A certain ------ ------, currently a member of this faculty, claims to have earned an advanced degree from your excellent graduate school. It is hardly possible, however, that you would have so distinguished anyone whose English sounds like this:
You will be, of course, glad of this chance to defend your good name by confirming our belief that such writing could never have met your high standards, and that the writer is an imposter.
As soon as we hear from you, our President will act swiftly and forcefully, perhaps even going so far as to contemplate the possible formation of a committee which might consider some guidelines.
In the meantime we reluctantly remind you that your accreditation by The Underground Grammarian depends entirely on the written English of your graduates. If, therefore, ------ ------ has in fact been mistakenly given one of your degrees, all you need do is revoke it, lest he bring you into further disgrace.
There is no profit in separating the dross from the chaff. Spinach is spinach, wherever it grows, and we say the hell with it.
What Can We Do?
Here is some prose by Phillip A. Tumminia, a Vice-President for Campus Planning. It is taken from a memo of November 29, 1976:
I am responding to you apropos the recent petition concerning the Triad because I know that you were instrumental in bringing the problem to my attention. I would appreciate if you would inform those individuals who have signed the petition of the College's action.
I have spoke with Mr. Peter McEvoy, the owner of the building, and he has assured me that he will instruct his staff to correct the problems which are identified in the petition. Based on past performances, I have every reason to expect that this action will occur.
I have asked Ed Cunard of my staff to follow up on the concerns for correction of Physical Plant problems within the Triad. It is my understanding that he will work with the Triad Building Maintenance so that when problems are corrected, we will have a record of such action.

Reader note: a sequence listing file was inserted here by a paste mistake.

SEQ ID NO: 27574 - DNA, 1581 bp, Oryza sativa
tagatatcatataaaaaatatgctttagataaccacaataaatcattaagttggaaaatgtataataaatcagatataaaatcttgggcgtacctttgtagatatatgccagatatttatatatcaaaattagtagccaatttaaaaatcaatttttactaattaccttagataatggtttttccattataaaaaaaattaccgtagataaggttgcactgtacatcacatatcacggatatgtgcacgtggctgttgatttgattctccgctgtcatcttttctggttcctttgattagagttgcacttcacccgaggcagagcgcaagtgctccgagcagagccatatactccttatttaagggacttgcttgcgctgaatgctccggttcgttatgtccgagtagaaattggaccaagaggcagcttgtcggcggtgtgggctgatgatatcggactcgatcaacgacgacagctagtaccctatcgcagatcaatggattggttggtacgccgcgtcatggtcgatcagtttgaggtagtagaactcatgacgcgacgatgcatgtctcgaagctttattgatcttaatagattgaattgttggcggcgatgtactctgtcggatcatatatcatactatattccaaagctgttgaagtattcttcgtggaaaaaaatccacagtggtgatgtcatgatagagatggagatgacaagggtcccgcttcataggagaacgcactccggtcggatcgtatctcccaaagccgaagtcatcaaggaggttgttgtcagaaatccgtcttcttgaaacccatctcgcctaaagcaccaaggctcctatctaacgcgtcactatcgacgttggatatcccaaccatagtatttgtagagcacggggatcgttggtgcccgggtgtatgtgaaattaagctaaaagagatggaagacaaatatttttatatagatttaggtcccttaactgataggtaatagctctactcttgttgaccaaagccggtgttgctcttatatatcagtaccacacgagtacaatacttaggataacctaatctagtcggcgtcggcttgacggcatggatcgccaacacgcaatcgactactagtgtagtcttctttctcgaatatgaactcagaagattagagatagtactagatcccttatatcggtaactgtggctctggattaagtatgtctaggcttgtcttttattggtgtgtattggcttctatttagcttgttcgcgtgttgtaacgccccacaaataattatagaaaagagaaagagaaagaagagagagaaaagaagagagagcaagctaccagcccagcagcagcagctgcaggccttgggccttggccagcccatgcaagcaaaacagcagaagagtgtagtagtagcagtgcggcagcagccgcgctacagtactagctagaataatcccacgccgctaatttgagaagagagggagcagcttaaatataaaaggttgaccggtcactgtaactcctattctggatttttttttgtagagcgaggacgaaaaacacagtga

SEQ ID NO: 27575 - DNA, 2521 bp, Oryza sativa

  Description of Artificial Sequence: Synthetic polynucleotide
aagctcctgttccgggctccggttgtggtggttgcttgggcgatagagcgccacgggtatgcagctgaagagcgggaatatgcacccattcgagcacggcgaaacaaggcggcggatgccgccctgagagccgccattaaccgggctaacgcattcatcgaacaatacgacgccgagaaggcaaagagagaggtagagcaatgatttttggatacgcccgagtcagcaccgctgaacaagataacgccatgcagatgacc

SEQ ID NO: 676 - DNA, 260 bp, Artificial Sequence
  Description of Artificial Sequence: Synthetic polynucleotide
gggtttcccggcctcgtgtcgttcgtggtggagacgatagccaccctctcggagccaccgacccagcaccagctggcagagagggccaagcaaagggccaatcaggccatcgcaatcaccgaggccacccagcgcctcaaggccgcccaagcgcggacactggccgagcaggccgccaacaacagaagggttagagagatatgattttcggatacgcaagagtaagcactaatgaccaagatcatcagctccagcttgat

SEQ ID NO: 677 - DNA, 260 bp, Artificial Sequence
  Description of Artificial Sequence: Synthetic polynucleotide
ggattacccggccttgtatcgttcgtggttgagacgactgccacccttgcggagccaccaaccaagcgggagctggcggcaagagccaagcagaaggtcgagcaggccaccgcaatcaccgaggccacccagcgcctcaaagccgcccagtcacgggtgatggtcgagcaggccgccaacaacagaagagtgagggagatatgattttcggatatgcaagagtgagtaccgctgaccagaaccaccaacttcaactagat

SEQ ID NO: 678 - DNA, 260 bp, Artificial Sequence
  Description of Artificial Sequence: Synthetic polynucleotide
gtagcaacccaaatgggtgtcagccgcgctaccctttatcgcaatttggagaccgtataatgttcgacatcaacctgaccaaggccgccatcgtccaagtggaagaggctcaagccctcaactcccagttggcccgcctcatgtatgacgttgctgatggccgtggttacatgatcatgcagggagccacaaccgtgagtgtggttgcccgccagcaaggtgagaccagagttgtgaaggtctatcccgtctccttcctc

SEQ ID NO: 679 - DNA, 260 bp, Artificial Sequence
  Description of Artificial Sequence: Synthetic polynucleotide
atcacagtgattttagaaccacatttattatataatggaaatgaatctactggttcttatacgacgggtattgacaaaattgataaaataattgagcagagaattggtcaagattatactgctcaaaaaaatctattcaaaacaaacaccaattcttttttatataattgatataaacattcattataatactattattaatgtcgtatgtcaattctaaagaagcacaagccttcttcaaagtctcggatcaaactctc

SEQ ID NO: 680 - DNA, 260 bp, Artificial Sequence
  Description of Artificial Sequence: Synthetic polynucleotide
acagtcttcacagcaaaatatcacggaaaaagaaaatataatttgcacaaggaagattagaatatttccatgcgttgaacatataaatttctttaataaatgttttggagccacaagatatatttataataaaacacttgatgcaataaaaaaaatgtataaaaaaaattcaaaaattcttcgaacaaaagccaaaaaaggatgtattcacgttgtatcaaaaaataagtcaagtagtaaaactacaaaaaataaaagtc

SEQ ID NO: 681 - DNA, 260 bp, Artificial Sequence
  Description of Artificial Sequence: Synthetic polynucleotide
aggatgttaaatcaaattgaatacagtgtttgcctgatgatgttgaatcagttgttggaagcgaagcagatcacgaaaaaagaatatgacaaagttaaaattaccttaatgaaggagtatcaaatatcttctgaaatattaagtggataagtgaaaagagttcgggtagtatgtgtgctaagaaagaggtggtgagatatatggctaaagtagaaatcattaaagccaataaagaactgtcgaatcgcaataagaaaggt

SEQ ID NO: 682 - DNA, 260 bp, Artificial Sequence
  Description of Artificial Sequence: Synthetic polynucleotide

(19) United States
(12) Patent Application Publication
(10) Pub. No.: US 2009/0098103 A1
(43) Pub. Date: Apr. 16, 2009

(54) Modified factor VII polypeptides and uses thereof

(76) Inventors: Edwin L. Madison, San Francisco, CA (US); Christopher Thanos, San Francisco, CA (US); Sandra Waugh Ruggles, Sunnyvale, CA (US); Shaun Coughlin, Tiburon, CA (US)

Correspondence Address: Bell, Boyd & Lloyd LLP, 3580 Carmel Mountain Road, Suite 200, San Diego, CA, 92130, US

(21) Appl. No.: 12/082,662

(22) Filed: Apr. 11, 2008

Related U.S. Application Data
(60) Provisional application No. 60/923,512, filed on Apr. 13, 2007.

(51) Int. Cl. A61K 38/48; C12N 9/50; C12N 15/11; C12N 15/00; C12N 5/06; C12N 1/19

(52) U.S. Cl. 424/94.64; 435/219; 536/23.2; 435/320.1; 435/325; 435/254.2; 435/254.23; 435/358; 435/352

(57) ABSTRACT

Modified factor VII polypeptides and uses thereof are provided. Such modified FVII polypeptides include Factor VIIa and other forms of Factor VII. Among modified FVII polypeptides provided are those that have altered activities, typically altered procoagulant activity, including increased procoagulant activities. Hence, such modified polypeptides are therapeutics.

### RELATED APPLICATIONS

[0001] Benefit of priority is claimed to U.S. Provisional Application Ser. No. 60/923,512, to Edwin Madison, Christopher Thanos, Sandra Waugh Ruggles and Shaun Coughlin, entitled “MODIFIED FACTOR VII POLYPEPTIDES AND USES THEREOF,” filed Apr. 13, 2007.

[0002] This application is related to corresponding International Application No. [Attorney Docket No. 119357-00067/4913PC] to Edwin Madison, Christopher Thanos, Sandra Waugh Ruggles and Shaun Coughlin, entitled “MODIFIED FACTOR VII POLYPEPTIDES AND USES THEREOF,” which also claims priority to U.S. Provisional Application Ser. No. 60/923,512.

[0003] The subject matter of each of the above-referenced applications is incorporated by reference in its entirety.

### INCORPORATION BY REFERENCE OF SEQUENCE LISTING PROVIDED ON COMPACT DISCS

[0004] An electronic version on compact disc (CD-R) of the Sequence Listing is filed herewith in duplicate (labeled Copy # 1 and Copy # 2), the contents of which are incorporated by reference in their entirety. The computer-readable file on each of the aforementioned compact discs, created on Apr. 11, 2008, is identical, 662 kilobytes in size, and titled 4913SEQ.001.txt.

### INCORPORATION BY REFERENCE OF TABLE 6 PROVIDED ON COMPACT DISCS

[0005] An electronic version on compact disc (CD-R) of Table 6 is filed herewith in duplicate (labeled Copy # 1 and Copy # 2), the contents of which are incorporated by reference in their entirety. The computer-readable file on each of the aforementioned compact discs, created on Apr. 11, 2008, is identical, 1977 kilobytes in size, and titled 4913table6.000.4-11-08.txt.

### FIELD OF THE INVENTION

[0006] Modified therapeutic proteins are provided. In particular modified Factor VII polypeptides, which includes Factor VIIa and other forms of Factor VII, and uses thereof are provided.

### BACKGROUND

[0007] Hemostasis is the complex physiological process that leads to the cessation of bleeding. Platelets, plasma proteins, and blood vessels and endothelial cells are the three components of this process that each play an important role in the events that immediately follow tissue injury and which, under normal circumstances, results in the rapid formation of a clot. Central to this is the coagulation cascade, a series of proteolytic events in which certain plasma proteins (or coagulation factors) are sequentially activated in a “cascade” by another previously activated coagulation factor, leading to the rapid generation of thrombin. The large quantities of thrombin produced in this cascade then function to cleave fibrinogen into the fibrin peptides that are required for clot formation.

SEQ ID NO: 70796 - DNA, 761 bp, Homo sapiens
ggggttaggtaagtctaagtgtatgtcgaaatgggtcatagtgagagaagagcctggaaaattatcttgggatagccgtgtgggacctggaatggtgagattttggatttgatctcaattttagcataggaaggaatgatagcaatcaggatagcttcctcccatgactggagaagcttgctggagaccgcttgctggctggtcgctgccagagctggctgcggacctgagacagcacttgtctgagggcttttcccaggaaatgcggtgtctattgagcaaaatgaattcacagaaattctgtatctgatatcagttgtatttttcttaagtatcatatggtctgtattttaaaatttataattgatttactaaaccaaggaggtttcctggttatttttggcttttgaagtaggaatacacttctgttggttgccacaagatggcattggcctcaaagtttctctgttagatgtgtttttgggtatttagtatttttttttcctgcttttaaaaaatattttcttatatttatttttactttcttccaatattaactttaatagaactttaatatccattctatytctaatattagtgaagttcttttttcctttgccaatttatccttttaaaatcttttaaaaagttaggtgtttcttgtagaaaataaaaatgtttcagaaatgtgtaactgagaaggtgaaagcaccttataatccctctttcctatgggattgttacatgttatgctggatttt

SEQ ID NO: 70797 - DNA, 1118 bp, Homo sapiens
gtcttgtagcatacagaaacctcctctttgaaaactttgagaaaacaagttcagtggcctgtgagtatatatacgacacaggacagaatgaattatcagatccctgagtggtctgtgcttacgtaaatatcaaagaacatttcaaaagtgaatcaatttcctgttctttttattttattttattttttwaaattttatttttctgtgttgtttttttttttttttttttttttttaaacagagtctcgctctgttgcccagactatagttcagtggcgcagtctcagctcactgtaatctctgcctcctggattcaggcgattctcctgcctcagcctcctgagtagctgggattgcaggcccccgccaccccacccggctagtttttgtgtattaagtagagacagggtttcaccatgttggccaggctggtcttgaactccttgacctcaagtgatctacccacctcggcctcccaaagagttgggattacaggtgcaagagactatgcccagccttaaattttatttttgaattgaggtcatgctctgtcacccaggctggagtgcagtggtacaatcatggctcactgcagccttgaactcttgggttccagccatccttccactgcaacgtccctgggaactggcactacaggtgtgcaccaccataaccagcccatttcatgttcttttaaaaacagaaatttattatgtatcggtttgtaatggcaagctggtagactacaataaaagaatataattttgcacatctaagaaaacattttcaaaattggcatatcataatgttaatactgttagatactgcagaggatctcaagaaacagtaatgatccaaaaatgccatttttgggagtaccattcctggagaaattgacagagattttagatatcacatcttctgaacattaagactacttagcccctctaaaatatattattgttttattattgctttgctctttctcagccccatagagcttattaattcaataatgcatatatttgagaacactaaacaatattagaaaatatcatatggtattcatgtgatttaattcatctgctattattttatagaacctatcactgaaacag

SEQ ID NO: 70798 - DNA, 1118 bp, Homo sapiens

Without belaboring anything, we see jargon, lots of padding, misplaced and dangling modifiers, comma faults (both of omission and commission), elementary errors of syntax, and even some unusual notions about capitalization. (And let's hope that "I have spoke" is only a typing error.) This is the public work of a Vice-President of Glassboro State College. He is paid $28,359 a year.
But wait before you judge. Even at a college there is work to be done which doesn't require scholarly abilities. (Our campus gardener is a genius, and he can write any damn way he pleases.) Maybe Tumminia has special expertise in Campus Planning. To be sure, the memo suggests good old-fashioned "maintenance" rather than Campus Planning, but who knows? Maybe it's too technical for us.
Here are a couple of things you can do about this:
Last month's Wind-up Toy Award was mistakenly presented to an Alan J. Donovan. We meant, of course:
ALAN B. DONOVAN
Our humblest apologies to Alan J. Donovan, whoever he may be.
THE IN BASKET
When wise men disapprove, that's bad;
A Spanish proverb
The Underground Grammarian is grateful for many expressions of approval overheard here and there. This is heartening, for it shows that there is concern about English at Glassboro. We give thanks as well to all those who send us examples of bad English to be exposed and ridiculed. Keep it up. Let the barbarians know that the English underground is watching and the next memo may have a fuse. Send it to us and we'll set it off. If you don't know where to find us, ask around. Failing to fetch us at first, keep encouraged.